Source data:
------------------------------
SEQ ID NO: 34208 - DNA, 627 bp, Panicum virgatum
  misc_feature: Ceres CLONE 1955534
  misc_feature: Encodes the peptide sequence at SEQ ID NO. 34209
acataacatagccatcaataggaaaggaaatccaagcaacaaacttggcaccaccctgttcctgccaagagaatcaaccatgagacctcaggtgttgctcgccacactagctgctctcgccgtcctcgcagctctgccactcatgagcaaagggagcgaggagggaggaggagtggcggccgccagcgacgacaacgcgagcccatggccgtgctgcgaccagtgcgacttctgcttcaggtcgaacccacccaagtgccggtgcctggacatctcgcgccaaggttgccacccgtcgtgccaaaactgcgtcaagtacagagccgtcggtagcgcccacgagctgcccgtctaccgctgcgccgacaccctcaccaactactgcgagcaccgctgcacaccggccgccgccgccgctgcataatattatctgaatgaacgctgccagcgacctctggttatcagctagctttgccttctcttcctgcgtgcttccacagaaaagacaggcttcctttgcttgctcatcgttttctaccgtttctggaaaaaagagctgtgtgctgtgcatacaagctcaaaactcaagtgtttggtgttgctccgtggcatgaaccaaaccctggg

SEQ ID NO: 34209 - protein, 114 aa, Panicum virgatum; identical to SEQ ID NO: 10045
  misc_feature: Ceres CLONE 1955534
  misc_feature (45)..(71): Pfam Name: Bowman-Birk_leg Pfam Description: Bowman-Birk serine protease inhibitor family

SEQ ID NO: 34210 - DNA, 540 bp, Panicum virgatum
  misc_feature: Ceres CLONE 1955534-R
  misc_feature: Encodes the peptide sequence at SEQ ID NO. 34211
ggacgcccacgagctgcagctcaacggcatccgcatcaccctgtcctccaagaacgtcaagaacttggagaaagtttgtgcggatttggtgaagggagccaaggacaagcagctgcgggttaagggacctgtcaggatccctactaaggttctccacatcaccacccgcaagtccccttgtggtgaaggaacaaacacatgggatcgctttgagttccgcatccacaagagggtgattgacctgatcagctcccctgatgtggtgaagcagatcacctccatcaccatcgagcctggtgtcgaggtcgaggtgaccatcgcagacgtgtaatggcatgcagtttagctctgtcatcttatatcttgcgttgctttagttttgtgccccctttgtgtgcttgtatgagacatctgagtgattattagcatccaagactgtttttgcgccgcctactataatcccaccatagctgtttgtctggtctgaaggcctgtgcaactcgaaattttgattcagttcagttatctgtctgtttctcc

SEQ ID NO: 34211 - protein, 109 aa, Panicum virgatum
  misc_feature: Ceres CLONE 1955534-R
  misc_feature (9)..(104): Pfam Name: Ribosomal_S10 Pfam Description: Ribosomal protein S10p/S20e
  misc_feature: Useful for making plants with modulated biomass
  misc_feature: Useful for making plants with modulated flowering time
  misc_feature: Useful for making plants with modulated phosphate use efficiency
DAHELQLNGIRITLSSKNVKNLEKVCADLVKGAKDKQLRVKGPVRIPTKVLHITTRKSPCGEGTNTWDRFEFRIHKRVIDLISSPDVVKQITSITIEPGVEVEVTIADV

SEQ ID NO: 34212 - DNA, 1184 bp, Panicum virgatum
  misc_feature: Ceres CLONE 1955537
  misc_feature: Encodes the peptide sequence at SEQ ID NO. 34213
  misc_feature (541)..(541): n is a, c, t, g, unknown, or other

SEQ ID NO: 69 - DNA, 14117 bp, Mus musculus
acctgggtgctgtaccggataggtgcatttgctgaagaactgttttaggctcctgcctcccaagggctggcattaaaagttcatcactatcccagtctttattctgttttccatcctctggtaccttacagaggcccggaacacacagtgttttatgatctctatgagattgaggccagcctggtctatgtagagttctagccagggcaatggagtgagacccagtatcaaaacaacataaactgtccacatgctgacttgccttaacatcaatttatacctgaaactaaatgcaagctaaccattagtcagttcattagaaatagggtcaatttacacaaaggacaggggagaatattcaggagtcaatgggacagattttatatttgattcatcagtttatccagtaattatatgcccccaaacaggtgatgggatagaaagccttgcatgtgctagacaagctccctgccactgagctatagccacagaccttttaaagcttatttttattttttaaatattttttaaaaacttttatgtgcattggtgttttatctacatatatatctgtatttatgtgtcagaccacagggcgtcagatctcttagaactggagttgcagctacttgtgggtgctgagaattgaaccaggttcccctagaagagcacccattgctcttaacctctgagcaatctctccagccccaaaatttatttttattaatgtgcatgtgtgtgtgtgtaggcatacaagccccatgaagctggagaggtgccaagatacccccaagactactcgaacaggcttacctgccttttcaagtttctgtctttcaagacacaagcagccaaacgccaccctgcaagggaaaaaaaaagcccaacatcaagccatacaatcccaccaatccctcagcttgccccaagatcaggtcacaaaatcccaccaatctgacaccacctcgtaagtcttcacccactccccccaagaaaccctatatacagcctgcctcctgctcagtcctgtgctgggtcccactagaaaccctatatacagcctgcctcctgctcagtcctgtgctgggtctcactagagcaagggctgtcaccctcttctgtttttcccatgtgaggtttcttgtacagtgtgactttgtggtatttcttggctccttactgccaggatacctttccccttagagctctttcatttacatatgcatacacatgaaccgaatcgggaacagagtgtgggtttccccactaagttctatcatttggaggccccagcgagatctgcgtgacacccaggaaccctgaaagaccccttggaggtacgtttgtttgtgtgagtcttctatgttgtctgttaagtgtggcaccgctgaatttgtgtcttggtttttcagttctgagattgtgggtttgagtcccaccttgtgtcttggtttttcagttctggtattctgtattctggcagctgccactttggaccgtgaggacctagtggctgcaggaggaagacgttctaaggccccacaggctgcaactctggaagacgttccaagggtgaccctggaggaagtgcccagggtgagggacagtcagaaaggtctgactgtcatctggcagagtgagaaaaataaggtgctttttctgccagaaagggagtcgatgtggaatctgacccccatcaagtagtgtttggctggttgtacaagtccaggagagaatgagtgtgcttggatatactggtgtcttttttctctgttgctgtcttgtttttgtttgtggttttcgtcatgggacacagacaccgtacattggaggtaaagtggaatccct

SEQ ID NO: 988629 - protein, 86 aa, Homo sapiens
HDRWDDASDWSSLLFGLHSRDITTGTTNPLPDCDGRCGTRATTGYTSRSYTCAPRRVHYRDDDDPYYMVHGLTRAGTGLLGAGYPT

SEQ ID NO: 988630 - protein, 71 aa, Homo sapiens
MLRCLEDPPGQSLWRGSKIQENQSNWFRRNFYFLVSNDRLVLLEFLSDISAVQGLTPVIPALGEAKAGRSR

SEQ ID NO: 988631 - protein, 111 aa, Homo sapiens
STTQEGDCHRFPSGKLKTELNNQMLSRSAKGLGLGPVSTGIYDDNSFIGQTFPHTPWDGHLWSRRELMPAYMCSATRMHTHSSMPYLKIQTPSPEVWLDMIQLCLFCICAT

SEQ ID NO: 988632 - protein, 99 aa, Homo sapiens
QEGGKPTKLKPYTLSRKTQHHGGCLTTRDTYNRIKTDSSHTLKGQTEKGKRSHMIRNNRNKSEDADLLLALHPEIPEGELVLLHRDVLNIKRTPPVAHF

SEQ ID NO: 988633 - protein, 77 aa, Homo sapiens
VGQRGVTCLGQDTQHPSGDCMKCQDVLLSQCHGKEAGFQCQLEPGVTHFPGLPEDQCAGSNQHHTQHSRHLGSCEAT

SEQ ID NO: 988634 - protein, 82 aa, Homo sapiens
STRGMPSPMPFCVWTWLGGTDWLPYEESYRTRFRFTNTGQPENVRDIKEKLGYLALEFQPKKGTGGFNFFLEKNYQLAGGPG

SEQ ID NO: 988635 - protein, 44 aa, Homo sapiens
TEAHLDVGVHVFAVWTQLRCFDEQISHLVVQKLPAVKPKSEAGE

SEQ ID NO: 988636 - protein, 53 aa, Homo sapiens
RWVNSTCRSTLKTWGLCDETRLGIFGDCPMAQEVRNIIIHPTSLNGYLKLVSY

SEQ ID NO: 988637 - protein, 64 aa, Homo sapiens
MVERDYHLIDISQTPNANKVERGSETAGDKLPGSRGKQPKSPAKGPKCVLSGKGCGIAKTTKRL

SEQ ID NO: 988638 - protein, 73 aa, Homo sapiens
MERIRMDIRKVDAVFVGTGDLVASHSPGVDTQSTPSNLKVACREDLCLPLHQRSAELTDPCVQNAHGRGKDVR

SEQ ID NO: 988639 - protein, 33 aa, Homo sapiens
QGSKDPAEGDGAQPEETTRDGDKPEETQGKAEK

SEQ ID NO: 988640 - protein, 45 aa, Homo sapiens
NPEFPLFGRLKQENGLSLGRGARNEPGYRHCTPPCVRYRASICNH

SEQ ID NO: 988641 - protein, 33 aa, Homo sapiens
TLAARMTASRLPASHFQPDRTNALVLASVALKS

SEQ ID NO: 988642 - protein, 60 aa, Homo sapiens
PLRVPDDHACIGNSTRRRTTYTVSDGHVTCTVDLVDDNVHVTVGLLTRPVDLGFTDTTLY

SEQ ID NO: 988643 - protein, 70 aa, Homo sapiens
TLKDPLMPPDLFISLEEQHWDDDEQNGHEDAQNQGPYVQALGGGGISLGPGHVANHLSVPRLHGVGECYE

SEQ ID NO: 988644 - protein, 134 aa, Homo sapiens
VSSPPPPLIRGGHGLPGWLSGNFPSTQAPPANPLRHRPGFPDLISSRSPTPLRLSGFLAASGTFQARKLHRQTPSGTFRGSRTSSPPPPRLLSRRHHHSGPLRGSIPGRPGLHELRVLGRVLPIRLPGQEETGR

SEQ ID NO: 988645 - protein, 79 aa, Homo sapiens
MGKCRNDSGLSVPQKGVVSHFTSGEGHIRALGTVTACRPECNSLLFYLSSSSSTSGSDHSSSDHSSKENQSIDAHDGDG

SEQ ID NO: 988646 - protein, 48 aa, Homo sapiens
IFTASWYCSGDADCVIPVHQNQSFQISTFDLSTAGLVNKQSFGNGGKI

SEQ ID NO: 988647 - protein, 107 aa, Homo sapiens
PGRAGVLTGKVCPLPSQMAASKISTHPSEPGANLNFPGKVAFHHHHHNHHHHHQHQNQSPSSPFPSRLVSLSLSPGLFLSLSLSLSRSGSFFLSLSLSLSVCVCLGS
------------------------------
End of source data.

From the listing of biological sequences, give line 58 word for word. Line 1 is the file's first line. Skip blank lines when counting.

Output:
MGKCRNDSGLSVPQKGVVSHFTSGEGHIRALGTVTACRPECNSLLFYLSSSSSTSGSDHSSSDHSSKENQSIDAHDGDG